2012 is proving to be quite a fishy year. Not only am I working on my first novel for 10+ year olds which seems to involve a lot of sea battles and creatures from the deep, but my first two publications of the year both feature fishermen and sea-going vessels.
Both books are part of ‘Big Cat Progress’, an exciting reading scheme from Harpercollins. I’d only done a couple of educational books before these but I’d enjoyed the experience so when I was approached by the commissioning editor at HC I said yes right away. My first task was to draw up a list of stories that might fit the series and two were chosen. Both turned out to be sea-stories.
The first was The Dolphin King, a French folk tale from Provence. I’d been wanting to do my own version of this mostly unknown story for many years. Looking back through my notes, I note I’d suggested the idea to a publisher in 1985 but they weren’t at all taken by the ecological message in it. I guess I was slightly ahead of my time there. I remember having the same problem with pirate stories. They’re old hat, I was told. Of course, the Pirates Of The Caribbean film franchise changed all that.
Over the years, I had a few opportunities to include The Dolphin King in various anthologies but I refrained as I thought it was strong enough to be a standalone project. The story is about a young fisherman who rashly injures a dolphin with his spear. The dolphin turns out to be the king of the sea and the fisherman has to embark on a dangerous mission if he is to avert a calamitous storm whipped up the sea creatures’ wrath.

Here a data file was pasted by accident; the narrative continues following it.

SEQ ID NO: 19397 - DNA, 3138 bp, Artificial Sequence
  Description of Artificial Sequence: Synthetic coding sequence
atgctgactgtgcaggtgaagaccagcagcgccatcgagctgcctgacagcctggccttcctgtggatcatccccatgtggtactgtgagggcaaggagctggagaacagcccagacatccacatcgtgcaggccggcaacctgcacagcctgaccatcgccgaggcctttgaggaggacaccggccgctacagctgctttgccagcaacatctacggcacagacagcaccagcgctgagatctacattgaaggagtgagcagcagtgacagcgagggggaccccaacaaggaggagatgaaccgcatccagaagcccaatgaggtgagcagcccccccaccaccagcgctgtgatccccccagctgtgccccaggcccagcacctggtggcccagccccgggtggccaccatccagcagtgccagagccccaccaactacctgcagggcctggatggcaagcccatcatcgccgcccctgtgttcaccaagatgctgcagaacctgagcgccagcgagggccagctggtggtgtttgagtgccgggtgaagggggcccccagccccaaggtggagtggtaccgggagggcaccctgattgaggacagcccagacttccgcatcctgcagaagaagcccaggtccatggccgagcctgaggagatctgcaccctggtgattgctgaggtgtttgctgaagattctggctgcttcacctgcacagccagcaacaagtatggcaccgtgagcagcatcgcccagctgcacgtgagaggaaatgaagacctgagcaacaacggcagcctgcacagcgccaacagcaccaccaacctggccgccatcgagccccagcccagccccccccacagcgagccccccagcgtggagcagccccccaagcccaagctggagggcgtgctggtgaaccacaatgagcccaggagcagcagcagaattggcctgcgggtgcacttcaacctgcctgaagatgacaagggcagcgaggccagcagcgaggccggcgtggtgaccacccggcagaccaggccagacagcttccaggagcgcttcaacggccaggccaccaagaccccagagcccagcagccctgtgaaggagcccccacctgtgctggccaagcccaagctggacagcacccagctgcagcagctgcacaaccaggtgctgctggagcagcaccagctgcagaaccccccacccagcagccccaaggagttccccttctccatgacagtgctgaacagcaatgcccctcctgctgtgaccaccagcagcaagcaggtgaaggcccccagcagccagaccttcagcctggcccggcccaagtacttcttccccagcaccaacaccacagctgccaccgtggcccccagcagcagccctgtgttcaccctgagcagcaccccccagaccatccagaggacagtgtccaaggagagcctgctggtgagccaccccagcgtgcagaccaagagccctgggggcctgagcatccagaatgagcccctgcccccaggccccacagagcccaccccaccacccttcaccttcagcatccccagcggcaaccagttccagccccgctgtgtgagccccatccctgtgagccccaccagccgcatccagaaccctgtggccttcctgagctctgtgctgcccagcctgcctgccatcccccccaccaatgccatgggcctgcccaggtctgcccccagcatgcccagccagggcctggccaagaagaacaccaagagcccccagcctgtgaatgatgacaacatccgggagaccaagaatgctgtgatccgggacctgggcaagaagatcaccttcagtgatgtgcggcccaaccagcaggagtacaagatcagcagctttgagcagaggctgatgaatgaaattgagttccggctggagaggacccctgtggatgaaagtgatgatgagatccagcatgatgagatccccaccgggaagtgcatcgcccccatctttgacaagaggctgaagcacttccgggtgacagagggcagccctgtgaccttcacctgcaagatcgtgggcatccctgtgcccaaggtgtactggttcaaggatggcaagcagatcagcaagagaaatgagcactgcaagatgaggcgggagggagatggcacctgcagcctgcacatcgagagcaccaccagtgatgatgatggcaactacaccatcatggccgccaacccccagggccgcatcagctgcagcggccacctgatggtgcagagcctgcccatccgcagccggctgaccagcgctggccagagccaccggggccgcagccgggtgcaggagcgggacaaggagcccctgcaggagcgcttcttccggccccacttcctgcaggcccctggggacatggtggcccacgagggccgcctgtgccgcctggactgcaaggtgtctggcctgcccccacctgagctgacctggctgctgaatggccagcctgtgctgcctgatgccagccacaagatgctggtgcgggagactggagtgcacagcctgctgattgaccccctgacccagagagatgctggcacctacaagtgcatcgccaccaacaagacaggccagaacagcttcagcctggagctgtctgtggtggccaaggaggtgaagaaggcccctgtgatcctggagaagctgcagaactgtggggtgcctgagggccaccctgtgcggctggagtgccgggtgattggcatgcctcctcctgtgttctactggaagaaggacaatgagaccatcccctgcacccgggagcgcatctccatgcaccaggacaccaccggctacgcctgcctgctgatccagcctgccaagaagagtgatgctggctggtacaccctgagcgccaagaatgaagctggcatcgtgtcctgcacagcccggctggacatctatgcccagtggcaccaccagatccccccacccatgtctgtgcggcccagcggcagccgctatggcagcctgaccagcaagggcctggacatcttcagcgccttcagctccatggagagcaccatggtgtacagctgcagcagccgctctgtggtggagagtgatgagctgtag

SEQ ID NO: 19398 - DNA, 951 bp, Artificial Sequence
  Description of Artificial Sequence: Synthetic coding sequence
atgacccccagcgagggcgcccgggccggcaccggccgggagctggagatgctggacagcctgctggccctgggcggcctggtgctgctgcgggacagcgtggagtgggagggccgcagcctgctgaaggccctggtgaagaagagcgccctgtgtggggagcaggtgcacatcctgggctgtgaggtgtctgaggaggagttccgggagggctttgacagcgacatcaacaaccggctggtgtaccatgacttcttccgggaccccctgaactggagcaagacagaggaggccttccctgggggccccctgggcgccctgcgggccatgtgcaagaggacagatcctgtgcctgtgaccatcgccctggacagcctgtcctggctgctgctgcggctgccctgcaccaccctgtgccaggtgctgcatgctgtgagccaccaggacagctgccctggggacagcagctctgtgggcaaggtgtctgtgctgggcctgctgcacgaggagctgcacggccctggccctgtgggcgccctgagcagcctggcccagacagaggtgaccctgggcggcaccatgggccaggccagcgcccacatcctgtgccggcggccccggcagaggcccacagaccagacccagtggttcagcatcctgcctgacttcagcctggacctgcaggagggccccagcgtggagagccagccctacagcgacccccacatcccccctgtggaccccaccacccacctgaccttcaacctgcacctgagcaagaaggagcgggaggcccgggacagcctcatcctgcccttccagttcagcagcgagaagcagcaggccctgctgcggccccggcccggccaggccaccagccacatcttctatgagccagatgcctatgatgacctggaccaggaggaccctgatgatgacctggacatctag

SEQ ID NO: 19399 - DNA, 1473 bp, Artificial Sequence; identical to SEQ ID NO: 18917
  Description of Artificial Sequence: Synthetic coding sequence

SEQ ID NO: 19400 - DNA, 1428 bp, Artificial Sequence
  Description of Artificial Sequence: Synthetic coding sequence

Harpercollins commissioned the Italian artist Fausto Bianchi to Illustrate. He has an edgy style reminiscent of Il Corto Maltese comics and it was felt that this would give the story a fresh, contemporary feel. I think he did us proud, using bold colours, dark colours throughout and investing Jean, the main character, with a buffed-up, almost louche Left-Bank look.
One of the secondary characters in the story is a ghostly knight of the sea, who rises to the surface of the ocean in search of Jean. While writing the text, I imagined him a skeleton in armour, draped heavily in dark seaweed. This idea didn’t work in practice, mostly because the knight is always seen surrounded by water or darkness and the colours of the skeleton and seaweed made him blend in too much with the background. In the end, we opted for a pale ghostly figure that suggests sea mist and foam.
The tale also features a sea-horse, not one of those cute three-inch creatures you find staring back at you while snorkelling, but a magic steed who lives in the depths. Greek and Etruscan mythologies feature powerful sea-horses, called hippocampi, who are half equine and half fish. Poseidon was said to ride one of them, sometimes harnessing four or six of them to draw his underwater chariot. I wanted our horse to look like a magic creature a god might want to ride, but not to be an exact copy of a hippocamp.
Fausto created a dark, brooding mare that seems to be formed of ocean waves. Her eyes are jet-black and the only hint of colour in the creature is a fire-red glow around the seashells that hold her harness in place. I’m hoping it will add to the allure of this age-old story, and perhaps to inspire readers into finding out more about sea-legends, sea-creatures and how we need to preserve the world’s marine heritage.